'Football must not tolerate vitriol masquerading as tribalism'

By Richard Scudamore 13 Dec 2018
Raheem Sterling, Man City

Premier League Executive Chairman Richard Scudamore writes in The Times on abuse suffered by Raheem Sterling and others

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Richard Scudamore, the Premier League Executive Chairman, wrote this week in The Times about the abuse Raheem Sterling suffered during last weekend's match between Chelsea and Manchester City.

"Abuse of the kind we have seen in football recently is appalling and totally unacceptable. Raheem Sterling is showing great courage in speaking out and we must listen to him, and to other players.

We must support them and redouble our efforts to ensure that everyone involved in our competition understands that discrimination will not be tolerated.

We are proud of the intensity of work carried out across the game to eliminate racist abuse and all forms of hate speech in grounds. This includes our clubs working with their stewards, the police and, where necessary, the Crown Prosecution Service.

They use all the tools at their disposal, from fan education to swift and vigorous sanctions, to encourage decent behaviour and punish the small minority who offend. Chelsea’s suspension of four fans, pending full investigation, shows this work in action and is to be commended.

We strive to make our grounds safe and welcoming for all fans. We are a multicultural and diverse football competition, we have players from all backgrounds and fans from all over the world. At community level, our clubs run the most comprehensive good causes programme in global sport, with inclusion at the centre of all their activities. However, the need for vigilance has never been greater as norms of decency in society appear to be shifting, particularly since the advent of social media.

We recognise the influence — and the responsibility — that the Premier League holds in every aspect of our work. From 75,000 fans in a stadium to scholars in our academies, from community engagement programmes to millions of viewers across the world, we understand the power that our competition has to change attitudes in areas of equality, diversity and inclusion.

Kick It Out has been supported by the Premier League, the FA, the EFL and the PFA for 25 years. Incredibly, throughout that whole time it has been led by Lord Ouseley, and what a huge contribution he has made to English football. Together we jointly run education programmes to promote equality and diversity in the academy system. We provide services that ensure fans can easily and confidentially report abuse that they witness. The Premier League Equality Standard supports our clubs in embedding equality, diversity and inclusion across all parts of their business and has materially altered the way they recruit and operate.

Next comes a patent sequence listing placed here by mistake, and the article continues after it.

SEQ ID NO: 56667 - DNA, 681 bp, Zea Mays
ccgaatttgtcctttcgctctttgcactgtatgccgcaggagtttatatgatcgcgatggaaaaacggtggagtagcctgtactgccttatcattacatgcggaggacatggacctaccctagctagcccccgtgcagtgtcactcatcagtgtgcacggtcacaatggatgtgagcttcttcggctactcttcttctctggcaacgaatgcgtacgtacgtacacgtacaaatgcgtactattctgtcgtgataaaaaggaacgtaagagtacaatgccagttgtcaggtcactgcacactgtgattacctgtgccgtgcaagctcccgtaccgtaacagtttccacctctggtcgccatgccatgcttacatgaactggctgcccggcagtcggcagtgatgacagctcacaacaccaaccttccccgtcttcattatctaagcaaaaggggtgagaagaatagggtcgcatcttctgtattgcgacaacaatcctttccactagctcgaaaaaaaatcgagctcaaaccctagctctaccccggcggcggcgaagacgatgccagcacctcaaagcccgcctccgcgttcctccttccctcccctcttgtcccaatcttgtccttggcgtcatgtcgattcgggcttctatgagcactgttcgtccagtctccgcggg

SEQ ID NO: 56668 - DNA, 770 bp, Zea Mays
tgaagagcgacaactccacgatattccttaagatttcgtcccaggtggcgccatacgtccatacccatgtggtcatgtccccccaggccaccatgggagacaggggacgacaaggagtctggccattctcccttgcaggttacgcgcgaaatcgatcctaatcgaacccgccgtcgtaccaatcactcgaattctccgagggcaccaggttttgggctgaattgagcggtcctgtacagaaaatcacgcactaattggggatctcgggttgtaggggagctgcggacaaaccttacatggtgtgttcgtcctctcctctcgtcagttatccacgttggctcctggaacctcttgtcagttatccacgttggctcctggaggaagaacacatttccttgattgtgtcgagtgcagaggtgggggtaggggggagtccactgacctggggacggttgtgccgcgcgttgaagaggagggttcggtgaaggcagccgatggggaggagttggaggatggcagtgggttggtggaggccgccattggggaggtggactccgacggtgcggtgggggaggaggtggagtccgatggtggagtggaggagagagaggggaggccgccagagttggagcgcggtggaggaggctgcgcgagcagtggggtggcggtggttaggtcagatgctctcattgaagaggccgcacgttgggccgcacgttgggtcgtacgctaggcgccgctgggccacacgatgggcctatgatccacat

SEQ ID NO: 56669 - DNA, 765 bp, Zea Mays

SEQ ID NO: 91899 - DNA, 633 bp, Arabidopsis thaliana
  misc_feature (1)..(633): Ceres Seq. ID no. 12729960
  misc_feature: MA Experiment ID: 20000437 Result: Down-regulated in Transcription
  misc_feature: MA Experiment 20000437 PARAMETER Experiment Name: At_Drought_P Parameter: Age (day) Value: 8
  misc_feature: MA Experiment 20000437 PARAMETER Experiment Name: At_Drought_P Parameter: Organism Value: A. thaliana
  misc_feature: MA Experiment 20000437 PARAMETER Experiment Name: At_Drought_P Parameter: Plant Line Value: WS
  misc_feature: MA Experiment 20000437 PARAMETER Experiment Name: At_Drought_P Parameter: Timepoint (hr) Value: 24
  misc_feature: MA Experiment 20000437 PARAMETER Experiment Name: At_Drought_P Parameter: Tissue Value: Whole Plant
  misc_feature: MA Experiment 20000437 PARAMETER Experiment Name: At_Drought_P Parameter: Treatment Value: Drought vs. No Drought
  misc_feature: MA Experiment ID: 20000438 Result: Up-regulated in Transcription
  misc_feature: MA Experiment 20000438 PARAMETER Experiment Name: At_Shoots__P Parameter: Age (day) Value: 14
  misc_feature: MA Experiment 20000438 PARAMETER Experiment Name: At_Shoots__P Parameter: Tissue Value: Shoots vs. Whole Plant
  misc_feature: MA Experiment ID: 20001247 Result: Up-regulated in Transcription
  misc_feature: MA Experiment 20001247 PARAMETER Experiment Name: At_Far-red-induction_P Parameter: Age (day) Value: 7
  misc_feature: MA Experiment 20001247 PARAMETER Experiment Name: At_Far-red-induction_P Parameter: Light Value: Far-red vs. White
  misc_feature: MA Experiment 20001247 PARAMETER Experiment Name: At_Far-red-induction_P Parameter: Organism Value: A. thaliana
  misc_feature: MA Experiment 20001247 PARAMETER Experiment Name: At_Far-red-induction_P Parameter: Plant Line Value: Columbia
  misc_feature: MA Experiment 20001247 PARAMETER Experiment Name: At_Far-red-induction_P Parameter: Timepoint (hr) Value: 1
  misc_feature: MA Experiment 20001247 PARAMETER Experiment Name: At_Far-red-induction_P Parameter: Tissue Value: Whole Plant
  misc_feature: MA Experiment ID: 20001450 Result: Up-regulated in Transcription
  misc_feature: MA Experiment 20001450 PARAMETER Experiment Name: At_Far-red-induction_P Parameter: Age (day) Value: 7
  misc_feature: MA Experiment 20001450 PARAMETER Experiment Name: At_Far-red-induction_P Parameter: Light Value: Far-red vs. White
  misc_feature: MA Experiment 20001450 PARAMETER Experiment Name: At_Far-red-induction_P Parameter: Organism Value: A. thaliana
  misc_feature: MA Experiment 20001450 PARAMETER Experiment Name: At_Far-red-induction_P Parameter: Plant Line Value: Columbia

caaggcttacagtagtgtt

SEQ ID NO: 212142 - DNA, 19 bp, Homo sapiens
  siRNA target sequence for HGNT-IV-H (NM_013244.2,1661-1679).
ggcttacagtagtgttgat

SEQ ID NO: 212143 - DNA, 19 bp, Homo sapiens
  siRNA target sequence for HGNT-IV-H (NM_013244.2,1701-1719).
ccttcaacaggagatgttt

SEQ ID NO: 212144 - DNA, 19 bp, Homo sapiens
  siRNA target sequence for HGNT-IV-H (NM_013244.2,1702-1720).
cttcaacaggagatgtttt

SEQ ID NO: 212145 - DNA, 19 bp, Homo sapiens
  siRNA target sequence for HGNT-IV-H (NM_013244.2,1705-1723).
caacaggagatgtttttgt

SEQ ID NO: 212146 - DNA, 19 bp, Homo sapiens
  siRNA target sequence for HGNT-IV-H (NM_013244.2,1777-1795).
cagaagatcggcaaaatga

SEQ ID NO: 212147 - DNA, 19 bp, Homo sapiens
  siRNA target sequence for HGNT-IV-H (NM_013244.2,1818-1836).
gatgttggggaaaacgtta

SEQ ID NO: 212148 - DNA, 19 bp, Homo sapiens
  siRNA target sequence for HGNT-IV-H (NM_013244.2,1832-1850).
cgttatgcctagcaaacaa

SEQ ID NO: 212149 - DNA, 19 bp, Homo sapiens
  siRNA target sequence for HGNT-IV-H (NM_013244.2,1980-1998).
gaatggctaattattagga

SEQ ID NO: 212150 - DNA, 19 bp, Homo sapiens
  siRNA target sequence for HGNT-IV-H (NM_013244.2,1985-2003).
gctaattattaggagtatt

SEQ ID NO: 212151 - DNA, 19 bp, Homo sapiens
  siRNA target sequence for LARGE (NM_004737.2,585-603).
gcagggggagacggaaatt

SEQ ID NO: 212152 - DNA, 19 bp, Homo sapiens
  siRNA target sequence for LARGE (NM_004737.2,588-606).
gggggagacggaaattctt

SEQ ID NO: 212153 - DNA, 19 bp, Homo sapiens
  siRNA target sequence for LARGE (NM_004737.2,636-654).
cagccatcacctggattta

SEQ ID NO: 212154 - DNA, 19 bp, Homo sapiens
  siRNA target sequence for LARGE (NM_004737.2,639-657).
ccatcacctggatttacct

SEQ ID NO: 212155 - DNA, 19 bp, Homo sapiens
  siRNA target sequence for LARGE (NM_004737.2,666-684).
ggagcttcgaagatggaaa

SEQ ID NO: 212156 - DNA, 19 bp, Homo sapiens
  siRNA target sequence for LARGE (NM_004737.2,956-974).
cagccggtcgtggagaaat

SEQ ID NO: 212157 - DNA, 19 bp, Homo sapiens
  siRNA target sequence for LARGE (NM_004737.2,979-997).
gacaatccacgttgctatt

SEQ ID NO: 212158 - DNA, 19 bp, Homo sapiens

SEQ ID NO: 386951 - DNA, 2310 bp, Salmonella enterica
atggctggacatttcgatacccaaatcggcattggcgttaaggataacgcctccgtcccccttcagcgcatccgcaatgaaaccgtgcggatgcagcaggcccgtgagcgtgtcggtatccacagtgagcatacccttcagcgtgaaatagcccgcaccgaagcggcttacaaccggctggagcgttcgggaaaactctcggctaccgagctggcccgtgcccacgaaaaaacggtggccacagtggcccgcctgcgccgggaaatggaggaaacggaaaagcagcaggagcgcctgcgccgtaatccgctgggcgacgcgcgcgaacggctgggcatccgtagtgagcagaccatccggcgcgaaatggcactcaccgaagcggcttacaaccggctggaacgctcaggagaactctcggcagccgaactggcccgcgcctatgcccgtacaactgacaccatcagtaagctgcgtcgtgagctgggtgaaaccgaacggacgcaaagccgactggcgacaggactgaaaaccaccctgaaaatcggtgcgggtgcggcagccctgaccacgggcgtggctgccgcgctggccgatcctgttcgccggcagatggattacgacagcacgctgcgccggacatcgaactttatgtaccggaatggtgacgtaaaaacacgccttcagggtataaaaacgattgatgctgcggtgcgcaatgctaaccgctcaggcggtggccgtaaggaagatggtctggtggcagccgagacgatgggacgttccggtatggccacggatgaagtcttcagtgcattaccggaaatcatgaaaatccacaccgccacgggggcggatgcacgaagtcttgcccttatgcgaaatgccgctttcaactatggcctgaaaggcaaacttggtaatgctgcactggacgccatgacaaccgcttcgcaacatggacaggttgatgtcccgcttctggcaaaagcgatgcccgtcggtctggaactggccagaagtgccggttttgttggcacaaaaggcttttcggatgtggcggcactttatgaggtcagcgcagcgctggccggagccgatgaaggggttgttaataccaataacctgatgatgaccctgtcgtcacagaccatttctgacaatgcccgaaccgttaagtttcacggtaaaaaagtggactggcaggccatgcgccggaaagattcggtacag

Ultimately we know the only way to significantly alter behaviour and reduce discrimination is through education, and the earlier the better. The Premier League Primary Stars programme has engaged more than 16,000 primary schools — teaching materials include a focus on equality and inclusion — and the theme of our annual Premier League Writing Stars competition is diversity. Our coach development work is prioritising supporting BAME (black, Asian and minority ethnic) former players and young coaches, with reserved places on our Elite Coach Apprenticeship Scheme and placements in full-time roles in Premier League academies.

Fans from BAME communities made up 17 per cent of Premier League attendees last season, up from 12 per cent ten years ago, and we want that trend to continue. Put simply, we celebrate and welcome diversity on our pitches and throughout our crowds.

Despite all this, it is glaringly obvious that more needs to be done. While football has made huge progress and society has made big strides in improving attitudes and behaviours, we clearly have not done enough. In creating exciting, passionate environments we have inadvertently fostered safe places for excessive aggression to be displayed. Nowhere else — not on the street or in a pub — would people be brave enough to shout abuse at a group of very fit young athletes at such close proximity.

We all need to take a close look at where that boundary should lie: between the adrenaline of passionate support and the wholly unacceptable vitriol and abuse masquerading as tribalism. Our clubs, the authorities and the FA are working towards further and urgent improvement — it is essential for the future of the game."

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